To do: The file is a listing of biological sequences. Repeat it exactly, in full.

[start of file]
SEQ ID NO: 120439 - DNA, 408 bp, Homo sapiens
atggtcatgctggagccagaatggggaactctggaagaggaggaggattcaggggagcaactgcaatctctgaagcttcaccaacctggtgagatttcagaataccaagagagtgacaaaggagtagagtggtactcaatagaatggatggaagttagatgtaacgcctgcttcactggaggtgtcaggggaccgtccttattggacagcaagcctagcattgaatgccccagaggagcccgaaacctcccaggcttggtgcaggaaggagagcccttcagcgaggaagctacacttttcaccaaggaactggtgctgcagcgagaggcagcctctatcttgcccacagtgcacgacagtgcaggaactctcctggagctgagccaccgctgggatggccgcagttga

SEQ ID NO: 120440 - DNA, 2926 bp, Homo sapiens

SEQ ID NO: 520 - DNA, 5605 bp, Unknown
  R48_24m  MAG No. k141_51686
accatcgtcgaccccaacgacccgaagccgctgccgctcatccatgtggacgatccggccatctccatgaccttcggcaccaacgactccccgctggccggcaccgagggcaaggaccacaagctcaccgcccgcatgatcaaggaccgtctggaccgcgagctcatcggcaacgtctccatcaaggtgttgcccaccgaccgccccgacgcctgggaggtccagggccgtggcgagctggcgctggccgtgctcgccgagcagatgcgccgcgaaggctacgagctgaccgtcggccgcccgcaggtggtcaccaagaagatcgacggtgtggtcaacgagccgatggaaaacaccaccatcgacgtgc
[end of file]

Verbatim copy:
SEQ ID NO: 120439 - DNA, 408 bp, Homo sapiens
atggtcatgctggagccagaatggggaactctggaagaggaggaggattcaggggagcaactgcaatctctgaagcttcaccaacctggtgagatttcagaataccaagagagtgacaaaggagtagagtggtactcaatagaatggatggaagttagatgtaacgcctgcttcactggaggtgtcaggggaccgtccttattggacagcaagcctagcattgaatgccccagaggagcccgaaacctcccaggcttggtgcaggaaggagagcccttcagcgaggaagctacacttttcaccaaggaactggtgctgcagcgagaggcagcctctatcttgcccacagtgcacgacagtgcaggaactctcctggagctgagccaccgctgggatggccgcagttga

SEQ ID NO: 120440 - DNA, 2926 bp, Homo sapiens

SEQ ID NO: 520 - DNA, 5605 bp, Unknown
  R48_24m  MAG No. k141_51686
accatcgtcgaccccaacgacccgaagccgctgccgctcatccatgtggacgatccggccatctccatgaccttcggcaccaacgactccccgctggccggcaccgagggcaaggaccacaagctcaccgcccgcatgatcaaggaccgtctggaccgcgagctcatcggcaacgtctccatcaaggtgttgcccaccgaccgccccgacgcctgggaggtccagggccgtggcgagctggcgctggccgtgctcgccgagcagatgcgccgcgaaggctacgagctgaccgtcggccgcccgcaggtggtcaccaagaagatcgacggtgtggtcaacgagccgatggaaaacaccaccatcgacgtgc